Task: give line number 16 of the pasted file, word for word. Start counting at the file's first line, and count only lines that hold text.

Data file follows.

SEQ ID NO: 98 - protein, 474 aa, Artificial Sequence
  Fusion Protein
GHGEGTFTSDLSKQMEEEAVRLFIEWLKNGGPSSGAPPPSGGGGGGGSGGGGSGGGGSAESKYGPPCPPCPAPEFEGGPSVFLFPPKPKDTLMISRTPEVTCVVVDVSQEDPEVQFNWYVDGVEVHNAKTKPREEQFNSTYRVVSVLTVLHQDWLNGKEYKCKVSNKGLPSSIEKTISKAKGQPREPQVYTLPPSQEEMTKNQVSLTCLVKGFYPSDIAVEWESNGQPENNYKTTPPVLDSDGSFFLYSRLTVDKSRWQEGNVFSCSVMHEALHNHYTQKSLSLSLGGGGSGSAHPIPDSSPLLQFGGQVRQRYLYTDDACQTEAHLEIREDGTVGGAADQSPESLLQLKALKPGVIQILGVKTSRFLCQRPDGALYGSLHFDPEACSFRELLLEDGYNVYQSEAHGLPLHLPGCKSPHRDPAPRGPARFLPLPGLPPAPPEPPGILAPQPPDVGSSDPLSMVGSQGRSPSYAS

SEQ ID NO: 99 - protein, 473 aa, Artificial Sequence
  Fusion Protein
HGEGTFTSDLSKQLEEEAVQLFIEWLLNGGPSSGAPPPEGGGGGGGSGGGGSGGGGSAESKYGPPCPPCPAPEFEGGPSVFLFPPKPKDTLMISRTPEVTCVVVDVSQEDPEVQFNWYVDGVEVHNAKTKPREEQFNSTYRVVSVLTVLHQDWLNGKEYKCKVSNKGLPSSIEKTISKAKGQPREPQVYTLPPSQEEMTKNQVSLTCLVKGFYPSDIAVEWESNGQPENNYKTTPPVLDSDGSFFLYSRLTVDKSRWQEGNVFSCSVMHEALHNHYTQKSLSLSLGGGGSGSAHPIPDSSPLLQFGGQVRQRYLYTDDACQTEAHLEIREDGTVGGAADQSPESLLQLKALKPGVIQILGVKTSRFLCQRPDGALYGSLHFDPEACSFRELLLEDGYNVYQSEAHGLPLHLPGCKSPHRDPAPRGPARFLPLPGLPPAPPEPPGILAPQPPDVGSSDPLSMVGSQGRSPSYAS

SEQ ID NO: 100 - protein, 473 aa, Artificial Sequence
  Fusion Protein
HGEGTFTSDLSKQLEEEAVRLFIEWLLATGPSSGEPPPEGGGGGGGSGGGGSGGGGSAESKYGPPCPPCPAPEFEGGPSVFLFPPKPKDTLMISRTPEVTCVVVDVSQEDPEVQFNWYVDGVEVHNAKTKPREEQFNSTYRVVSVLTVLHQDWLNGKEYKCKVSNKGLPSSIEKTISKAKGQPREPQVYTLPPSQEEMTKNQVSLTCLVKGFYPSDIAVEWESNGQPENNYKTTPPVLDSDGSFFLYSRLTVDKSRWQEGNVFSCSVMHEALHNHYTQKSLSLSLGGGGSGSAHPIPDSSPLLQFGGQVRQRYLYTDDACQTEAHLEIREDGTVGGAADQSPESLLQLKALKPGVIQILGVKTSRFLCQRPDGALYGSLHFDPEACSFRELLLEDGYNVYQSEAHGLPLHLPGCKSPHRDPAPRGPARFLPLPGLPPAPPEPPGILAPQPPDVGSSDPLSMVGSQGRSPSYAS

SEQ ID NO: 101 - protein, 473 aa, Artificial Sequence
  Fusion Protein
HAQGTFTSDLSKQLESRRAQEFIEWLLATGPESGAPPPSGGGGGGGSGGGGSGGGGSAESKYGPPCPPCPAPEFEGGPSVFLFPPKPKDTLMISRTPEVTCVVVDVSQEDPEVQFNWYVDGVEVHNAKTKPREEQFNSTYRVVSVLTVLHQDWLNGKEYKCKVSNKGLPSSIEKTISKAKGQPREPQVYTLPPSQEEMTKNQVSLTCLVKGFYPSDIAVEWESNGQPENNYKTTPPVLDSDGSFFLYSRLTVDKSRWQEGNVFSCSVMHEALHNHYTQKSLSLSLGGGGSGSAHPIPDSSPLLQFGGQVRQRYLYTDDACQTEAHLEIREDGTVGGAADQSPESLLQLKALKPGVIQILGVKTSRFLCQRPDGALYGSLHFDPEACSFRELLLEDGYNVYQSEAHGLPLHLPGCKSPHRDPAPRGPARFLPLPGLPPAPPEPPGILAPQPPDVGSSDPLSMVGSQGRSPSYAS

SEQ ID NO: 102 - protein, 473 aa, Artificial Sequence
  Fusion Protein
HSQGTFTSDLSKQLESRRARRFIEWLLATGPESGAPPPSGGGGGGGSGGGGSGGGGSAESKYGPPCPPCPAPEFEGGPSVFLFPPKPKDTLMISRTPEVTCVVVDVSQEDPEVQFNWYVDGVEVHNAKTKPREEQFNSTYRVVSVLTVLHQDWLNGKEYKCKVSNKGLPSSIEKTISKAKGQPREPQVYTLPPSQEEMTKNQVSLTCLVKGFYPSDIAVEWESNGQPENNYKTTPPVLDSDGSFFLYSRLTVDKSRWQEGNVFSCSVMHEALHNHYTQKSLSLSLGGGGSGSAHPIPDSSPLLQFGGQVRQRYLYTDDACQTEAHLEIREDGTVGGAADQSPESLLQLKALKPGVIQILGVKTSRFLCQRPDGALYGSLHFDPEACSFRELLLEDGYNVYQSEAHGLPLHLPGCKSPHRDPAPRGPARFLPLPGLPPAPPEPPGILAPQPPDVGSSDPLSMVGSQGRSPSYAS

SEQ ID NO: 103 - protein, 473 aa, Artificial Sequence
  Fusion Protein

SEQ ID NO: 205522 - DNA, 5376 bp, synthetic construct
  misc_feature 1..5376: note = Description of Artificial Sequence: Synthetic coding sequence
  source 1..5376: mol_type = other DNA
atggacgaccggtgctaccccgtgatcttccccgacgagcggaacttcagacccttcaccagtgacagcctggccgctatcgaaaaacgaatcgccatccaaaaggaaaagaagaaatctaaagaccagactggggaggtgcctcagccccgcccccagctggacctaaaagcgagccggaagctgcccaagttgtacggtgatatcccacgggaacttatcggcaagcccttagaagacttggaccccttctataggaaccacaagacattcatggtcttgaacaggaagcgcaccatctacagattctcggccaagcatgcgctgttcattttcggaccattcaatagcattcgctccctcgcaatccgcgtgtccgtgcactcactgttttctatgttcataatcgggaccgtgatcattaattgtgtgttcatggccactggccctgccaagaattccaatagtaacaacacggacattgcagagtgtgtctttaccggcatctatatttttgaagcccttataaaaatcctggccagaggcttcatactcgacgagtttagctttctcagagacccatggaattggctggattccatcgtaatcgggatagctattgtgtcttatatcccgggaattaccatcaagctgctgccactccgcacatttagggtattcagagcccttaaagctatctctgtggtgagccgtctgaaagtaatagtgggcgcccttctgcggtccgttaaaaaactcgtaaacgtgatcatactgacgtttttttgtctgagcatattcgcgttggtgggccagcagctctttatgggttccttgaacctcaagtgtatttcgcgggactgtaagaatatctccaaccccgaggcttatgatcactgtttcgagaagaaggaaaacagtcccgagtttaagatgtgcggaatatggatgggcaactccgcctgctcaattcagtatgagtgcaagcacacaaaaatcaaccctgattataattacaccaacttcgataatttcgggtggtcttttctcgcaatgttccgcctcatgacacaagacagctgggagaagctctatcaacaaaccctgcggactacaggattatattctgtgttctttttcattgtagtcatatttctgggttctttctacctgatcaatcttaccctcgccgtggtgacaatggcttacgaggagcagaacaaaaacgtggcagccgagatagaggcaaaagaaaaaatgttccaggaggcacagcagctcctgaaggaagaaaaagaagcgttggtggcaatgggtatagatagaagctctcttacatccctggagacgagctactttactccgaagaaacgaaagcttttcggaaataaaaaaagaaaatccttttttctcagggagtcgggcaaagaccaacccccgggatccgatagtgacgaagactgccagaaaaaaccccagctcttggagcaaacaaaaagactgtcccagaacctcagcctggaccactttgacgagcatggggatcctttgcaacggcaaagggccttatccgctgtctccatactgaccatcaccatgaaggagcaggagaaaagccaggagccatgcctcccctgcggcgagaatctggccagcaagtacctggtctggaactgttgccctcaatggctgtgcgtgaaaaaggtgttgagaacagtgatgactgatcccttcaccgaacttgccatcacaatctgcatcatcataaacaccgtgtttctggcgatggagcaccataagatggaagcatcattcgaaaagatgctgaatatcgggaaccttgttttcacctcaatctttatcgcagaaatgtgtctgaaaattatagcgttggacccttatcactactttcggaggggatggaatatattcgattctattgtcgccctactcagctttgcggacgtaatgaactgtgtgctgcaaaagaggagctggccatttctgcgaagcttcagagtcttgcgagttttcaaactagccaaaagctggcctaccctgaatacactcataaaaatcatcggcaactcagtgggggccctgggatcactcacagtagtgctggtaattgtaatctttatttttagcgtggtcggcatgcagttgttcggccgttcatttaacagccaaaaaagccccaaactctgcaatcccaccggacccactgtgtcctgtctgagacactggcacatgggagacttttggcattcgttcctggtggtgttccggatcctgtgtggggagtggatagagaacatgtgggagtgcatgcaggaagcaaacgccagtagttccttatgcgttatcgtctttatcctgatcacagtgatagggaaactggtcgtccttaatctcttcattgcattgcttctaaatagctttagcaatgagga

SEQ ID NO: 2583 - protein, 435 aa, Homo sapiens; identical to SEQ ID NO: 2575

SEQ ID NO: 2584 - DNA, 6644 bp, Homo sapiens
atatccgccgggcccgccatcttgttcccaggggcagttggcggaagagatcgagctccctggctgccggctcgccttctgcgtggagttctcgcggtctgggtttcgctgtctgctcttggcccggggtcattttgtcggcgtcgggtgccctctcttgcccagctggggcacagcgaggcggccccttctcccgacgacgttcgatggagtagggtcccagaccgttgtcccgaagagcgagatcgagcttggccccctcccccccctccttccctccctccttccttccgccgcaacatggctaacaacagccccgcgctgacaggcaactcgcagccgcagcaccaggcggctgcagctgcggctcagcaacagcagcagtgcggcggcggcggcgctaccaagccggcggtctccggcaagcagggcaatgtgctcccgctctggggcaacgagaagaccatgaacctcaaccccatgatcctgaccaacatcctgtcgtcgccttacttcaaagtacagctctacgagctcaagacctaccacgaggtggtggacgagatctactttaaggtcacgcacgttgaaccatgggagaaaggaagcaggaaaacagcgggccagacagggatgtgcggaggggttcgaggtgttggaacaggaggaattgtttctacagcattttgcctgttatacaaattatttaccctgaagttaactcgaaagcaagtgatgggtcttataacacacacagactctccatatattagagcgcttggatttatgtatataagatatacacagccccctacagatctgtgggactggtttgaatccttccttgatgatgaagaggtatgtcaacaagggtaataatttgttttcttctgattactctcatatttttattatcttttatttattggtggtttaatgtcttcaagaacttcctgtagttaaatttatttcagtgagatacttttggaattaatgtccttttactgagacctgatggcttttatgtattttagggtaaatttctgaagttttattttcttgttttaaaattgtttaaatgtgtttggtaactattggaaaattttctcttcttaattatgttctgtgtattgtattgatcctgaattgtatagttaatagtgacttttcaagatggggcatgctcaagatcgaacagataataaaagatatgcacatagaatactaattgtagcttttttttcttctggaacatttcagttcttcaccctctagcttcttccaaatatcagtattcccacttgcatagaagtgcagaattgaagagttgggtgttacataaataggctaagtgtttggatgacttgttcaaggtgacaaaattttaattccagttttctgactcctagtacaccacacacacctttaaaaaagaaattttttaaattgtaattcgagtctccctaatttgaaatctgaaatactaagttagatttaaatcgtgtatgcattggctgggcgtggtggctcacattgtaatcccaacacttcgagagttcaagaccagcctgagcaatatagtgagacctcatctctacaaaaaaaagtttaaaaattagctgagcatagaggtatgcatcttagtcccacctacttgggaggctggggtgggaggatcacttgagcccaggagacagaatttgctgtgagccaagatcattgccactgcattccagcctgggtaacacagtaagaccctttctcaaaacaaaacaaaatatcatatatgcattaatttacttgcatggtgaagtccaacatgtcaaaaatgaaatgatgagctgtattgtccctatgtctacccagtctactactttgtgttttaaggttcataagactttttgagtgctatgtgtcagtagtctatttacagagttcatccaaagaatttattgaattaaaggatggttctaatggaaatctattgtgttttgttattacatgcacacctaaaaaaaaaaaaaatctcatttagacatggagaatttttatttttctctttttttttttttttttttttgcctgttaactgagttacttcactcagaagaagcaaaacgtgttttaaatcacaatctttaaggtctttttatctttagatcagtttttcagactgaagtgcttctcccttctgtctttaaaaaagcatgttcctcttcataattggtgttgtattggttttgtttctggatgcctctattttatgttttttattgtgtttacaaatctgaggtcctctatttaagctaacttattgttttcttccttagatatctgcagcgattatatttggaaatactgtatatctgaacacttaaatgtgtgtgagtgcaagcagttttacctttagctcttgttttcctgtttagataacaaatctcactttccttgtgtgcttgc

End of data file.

SEQ ID NO: 103 - protein, 473 aa, Artificial Sequence